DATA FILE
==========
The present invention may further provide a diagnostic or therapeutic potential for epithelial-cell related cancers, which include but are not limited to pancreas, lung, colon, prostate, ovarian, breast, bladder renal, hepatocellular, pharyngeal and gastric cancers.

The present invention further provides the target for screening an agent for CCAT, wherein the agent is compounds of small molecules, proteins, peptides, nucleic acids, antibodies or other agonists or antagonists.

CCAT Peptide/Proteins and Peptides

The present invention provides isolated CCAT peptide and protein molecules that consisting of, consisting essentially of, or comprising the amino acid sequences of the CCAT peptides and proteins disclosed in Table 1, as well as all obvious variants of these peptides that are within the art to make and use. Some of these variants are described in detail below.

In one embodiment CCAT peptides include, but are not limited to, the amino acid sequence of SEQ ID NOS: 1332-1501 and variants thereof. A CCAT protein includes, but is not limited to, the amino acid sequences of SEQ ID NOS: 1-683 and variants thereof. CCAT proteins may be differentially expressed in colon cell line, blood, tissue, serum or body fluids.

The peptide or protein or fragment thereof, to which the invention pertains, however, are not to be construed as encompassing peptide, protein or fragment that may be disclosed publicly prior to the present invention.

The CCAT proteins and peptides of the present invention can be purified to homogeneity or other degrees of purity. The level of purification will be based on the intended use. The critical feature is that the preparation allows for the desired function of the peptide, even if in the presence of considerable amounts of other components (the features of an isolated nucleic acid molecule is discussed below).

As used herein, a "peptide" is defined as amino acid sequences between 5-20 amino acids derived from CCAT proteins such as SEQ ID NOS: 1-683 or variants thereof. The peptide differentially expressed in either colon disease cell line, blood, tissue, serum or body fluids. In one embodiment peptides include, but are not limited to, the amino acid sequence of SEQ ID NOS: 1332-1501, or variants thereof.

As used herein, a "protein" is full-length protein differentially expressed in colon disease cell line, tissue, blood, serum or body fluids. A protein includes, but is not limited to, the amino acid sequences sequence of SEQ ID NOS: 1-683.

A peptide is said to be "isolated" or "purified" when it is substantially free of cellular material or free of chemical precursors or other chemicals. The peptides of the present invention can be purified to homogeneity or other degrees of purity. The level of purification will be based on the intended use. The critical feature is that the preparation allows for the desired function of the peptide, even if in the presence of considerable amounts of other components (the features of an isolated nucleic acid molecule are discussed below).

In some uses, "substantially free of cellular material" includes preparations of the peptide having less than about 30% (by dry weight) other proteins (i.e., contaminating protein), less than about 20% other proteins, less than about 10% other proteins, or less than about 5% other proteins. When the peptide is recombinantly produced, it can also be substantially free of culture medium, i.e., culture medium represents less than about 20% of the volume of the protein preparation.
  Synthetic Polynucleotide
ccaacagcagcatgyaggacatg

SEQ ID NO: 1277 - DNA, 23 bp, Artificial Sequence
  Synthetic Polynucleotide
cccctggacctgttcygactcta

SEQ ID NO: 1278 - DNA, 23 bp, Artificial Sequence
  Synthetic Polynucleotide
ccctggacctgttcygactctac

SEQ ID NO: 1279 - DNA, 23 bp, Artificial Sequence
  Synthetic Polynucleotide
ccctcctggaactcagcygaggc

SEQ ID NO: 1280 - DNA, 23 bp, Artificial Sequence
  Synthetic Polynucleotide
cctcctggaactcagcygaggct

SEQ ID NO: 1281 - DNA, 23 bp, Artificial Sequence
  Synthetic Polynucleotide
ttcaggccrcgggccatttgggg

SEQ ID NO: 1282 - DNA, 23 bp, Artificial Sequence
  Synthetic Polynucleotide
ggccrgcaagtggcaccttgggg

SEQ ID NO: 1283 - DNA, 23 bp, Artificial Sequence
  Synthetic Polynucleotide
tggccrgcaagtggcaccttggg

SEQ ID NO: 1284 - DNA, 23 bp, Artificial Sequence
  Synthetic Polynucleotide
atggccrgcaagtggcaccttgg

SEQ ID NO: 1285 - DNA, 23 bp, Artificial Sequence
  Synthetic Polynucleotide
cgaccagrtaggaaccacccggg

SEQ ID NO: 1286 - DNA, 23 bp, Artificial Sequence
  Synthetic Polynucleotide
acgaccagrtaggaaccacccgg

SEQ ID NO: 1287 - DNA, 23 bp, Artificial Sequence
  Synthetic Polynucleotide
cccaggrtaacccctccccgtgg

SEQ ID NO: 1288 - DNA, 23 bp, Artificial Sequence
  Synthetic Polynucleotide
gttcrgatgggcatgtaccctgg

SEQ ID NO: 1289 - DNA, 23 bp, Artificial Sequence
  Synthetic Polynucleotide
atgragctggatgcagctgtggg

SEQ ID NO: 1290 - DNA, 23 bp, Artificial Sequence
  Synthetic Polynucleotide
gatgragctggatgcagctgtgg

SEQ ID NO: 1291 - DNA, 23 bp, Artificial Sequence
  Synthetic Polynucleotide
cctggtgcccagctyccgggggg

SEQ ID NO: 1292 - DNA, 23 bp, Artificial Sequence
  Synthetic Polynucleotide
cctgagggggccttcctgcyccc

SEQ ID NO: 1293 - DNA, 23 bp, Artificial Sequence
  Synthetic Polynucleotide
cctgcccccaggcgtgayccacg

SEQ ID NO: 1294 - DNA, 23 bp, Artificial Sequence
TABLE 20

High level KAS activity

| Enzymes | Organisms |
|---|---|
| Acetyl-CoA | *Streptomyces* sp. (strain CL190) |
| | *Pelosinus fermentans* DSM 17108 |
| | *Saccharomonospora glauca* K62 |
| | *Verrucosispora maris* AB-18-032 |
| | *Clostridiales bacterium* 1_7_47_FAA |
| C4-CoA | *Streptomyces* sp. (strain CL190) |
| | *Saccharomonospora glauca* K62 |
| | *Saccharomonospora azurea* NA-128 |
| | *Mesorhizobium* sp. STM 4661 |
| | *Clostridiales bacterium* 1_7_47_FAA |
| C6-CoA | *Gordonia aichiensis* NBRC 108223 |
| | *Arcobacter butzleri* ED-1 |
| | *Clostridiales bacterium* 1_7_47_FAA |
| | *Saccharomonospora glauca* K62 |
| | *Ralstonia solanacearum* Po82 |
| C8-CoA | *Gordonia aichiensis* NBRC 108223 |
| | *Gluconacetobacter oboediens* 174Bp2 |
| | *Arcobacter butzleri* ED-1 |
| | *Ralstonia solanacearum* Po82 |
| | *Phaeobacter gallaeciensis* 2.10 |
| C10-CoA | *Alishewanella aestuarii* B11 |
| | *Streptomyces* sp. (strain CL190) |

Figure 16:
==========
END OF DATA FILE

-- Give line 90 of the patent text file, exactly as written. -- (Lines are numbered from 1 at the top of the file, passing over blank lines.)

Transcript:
| C10-CoA | *Alishewanella aestuarii* B11 |